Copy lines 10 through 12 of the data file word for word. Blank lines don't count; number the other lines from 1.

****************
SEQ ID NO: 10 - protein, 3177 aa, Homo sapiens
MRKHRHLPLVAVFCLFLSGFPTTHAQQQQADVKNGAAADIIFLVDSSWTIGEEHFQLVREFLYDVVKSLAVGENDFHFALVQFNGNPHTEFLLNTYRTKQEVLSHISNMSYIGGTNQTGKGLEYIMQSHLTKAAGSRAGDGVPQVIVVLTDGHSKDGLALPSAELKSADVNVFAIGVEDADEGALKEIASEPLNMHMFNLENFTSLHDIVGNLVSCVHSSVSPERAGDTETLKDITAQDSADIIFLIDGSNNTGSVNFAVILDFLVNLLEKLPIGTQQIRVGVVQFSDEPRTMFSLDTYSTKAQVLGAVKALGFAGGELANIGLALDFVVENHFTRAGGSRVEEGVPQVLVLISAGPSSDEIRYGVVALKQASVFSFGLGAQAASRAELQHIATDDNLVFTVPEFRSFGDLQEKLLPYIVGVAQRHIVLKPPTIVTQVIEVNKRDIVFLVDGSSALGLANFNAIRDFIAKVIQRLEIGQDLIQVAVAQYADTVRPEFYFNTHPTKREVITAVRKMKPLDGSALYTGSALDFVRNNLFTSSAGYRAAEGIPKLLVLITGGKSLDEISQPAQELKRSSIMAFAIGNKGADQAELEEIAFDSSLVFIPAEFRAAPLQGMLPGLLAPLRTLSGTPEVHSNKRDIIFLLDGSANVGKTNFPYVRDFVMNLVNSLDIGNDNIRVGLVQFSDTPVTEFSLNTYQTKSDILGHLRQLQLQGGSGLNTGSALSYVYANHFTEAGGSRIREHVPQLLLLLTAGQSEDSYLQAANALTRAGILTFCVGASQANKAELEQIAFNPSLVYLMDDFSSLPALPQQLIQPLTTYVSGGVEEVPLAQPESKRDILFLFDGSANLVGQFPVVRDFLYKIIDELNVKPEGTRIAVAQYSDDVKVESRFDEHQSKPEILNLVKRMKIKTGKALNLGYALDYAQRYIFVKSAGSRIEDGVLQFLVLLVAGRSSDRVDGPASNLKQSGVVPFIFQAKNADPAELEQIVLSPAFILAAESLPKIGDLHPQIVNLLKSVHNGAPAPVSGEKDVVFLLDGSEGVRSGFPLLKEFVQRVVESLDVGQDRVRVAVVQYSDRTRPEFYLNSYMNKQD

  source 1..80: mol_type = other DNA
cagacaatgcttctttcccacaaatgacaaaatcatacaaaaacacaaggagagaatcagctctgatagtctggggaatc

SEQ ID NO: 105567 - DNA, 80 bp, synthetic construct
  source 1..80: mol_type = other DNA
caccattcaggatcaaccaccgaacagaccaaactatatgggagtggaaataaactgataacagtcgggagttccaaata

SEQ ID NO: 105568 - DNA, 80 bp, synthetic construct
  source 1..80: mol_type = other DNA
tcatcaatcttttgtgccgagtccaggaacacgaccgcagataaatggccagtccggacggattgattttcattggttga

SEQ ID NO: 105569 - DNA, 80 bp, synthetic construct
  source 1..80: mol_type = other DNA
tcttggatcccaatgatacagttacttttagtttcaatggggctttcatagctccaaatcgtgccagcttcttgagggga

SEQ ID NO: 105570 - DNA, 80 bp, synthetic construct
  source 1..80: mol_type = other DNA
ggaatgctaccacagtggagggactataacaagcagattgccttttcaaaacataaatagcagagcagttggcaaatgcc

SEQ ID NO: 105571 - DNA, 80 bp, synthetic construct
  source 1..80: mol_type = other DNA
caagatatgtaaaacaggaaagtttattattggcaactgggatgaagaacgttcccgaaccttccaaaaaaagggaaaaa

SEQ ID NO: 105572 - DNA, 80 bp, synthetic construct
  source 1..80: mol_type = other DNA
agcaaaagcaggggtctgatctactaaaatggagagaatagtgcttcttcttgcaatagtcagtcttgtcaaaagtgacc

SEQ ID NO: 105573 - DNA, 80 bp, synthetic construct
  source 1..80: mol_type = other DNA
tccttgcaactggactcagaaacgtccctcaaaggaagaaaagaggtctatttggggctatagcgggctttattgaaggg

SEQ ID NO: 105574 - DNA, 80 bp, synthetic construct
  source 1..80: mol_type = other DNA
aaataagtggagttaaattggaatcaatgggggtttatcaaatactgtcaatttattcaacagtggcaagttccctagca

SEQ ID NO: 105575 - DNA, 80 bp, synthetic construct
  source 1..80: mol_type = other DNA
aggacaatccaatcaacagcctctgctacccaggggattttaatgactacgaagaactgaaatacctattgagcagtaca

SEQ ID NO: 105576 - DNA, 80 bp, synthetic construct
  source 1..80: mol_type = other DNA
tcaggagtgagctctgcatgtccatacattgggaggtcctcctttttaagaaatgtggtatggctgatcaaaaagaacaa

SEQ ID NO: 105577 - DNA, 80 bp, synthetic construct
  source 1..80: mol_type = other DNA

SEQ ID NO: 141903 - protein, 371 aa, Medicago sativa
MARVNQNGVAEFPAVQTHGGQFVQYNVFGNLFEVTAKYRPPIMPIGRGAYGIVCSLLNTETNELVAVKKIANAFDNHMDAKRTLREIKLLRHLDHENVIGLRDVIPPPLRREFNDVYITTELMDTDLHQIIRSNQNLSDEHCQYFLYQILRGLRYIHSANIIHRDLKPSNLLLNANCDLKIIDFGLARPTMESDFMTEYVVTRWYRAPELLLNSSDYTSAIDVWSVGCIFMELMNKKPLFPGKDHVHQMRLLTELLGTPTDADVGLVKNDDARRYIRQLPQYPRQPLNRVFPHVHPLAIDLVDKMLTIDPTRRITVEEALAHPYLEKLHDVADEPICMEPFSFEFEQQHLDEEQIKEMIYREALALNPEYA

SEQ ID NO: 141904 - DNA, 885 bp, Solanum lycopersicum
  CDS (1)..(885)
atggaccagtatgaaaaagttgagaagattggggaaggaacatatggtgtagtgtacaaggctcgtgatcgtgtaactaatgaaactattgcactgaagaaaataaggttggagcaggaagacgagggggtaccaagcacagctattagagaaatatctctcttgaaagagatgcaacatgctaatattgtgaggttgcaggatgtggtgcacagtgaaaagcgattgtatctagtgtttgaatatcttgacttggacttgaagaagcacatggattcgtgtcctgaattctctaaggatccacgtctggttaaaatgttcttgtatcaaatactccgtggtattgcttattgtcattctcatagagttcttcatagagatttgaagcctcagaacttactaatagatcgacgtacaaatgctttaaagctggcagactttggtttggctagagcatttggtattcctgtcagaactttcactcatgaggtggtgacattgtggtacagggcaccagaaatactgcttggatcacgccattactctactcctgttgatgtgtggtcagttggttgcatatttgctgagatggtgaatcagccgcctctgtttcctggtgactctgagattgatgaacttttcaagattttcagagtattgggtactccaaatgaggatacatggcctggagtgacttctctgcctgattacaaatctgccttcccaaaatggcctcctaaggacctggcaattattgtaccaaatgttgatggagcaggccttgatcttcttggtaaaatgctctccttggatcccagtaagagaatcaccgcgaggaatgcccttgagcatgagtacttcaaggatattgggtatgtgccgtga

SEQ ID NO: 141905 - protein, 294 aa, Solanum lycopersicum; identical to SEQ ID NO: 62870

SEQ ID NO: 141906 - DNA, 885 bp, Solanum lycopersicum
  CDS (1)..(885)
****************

tcatcaatcttttgtgccgagtccaggaacacgaccgcagataaatggccagtccggacggattgattttcattggttga

SEQ ID NO: 105569 - DNA, 80 bp, synthetic construct
  source 1..80: mol_type = other DNA